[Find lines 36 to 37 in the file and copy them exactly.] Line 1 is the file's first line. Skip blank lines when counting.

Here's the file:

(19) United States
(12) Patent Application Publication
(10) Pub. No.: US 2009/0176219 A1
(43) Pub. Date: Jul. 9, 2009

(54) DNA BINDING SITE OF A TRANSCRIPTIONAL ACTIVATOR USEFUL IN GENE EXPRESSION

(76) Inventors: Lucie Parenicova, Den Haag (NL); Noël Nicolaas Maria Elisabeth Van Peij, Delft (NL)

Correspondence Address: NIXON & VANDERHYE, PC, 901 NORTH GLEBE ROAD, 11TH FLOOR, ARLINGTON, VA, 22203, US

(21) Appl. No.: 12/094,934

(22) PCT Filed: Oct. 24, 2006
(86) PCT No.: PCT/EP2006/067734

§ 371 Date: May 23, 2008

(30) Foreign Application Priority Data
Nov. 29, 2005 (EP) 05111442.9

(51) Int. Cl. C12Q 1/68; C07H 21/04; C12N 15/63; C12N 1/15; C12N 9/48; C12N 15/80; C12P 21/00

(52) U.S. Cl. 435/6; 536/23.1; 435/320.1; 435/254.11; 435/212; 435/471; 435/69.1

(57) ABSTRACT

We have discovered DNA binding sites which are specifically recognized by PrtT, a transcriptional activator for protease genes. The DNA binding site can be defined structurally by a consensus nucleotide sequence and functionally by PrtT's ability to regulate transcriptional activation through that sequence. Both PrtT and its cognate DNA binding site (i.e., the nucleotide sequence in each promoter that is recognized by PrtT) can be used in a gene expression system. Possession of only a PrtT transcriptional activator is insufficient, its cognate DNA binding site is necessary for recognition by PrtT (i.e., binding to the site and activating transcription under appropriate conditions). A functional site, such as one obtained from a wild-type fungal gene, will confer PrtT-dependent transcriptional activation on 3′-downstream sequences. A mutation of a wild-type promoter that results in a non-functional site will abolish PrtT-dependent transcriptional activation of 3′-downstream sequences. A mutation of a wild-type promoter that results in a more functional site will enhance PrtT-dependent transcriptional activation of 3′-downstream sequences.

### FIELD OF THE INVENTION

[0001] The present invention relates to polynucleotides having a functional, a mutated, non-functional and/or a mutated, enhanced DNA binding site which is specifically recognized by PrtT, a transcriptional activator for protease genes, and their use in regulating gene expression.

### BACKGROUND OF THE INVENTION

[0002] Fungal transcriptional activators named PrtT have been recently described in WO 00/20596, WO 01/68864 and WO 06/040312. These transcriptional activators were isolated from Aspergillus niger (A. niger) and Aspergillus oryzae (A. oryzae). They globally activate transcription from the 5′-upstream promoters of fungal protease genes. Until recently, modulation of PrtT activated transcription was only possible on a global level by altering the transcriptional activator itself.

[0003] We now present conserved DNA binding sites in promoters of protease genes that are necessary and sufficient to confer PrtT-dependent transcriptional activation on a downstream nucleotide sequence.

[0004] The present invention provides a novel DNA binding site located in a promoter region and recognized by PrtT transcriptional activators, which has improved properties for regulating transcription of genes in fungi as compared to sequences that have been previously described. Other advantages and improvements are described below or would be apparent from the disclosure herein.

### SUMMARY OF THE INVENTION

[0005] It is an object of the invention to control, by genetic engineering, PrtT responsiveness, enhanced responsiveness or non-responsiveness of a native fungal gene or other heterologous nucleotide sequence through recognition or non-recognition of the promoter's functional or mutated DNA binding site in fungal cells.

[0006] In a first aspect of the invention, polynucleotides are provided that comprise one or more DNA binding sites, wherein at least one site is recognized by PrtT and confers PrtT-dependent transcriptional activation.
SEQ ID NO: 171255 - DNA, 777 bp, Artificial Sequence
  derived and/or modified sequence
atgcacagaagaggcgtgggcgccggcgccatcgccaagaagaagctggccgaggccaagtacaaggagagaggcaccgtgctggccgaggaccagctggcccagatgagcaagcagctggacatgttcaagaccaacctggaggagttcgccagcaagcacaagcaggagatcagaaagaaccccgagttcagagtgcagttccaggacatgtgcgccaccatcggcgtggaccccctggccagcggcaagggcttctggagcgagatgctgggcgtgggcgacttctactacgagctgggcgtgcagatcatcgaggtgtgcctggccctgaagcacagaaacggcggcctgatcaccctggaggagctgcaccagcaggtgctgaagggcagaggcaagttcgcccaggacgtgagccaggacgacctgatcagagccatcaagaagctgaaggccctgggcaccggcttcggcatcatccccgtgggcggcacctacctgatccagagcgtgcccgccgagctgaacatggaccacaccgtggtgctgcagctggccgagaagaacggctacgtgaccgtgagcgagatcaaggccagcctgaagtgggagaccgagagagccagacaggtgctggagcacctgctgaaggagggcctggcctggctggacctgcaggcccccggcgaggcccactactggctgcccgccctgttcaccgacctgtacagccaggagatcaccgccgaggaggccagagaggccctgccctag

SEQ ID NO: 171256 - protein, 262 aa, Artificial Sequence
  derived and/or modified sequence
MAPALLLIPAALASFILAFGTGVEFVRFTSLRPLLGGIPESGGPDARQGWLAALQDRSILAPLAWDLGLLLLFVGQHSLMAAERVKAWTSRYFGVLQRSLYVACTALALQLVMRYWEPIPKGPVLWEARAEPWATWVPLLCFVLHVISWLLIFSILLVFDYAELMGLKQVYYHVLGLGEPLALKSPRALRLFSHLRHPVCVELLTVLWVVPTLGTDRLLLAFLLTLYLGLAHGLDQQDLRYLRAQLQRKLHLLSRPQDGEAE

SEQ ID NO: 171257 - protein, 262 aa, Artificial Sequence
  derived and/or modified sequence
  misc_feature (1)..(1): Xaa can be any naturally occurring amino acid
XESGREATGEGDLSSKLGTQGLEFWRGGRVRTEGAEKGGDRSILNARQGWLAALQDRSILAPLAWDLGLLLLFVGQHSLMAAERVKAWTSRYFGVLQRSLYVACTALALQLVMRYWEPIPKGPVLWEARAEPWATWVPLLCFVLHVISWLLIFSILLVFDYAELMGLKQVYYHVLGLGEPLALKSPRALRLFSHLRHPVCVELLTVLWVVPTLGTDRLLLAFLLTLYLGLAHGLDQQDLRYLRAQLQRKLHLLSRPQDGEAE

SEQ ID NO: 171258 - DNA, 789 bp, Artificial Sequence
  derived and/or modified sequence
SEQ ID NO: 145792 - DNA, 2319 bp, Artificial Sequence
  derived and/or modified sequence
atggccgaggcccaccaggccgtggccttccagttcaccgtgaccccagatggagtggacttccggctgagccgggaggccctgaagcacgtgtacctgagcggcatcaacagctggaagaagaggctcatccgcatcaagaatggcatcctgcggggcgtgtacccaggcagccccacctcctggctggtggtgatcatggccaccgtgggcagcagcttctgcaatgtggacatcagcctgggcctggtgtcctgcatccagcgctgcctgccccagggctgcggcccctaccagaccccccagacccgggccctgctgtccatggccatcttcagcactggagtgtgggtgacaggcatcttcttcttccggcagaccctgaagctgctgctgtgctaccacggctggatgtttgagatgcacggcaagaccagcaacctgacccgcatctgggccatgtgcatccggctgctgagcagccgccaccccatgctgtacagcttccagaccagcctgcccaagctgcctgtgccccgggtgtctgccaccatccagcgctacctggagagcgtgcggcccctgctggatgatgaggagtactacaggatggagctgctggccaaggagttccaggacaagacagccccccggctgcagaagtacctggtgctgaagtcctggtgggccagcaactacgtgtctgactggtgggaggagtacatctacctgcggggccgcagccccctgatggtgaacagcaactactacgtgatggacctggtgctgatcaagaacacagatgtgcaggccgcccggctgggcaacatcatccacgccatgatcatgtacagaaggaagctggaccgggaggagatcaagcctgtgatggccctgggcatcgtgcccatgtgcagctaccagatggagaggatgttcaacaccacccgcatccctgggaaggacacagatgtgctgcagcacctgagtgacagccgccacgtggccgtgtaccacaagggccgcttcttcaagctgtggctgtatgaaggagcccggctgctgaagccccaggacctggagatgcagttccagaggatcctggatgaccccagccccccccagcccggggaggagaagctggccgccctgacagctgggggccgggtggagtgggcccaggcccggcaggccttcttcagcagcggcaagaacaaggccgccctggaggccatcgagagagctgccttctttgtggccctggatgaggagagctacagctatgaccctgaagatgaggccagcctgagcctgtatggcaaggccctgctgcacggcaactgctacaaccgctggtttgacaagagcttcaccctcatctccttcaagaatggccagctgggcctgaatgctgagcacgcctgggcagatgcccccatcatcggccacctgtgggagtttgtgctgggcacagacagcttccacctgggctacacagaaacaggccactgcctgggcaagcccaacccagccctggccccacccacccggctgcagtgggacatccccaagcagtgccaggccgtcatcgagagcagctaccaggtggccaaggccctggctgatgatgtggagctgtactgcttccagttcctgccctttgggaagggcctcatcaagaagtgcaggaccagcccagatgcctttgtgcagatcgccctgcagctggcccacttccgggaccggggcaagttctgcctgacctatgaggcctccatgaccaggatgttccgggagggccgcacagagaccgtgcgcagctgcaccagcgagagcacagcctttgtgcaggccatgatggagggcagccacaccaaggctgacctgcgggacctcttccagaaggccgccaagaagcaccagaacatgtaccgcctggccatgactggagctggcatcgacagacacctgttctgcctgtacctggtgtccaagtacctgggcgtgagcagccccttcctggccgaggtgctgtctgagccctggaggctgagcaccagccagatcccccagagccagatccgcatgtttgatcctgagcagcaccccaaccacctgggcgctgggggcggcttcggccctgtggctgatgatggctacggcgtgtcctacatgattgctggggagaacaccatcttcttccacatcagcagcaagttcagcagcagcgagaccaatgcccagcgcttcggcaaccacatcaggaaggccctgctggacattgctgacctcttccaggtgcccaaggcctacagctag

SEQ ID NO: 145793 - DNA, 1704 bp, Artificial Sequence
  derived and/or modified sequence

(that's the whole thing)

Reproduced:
XESGREATGEGDLSSKLGTQGLEFWRGGRVRTEGAEKGGDRSILNARQGWLAALQDRSILAPLAWDLGLLLLFVGQHSLMAAERVKAWTSRYFGVLQRSLYVACTALALQLVMRYWEPIPKGPVLWEARAEPWATWVPLLCFVLHVISWLLIFSILLVFDYAELMGLKQVYYHVLGLGEPLALKSPRALRLFSHLRHPVCVELLTVLWVVPTLGTDRLLLAFLLTLYLGLAHGLDQQDLRYLRAQLQRKLHLLSRPQDGEAE

SEQ ID NO: 171258 - DNA, 789 bp, Artificial Sequence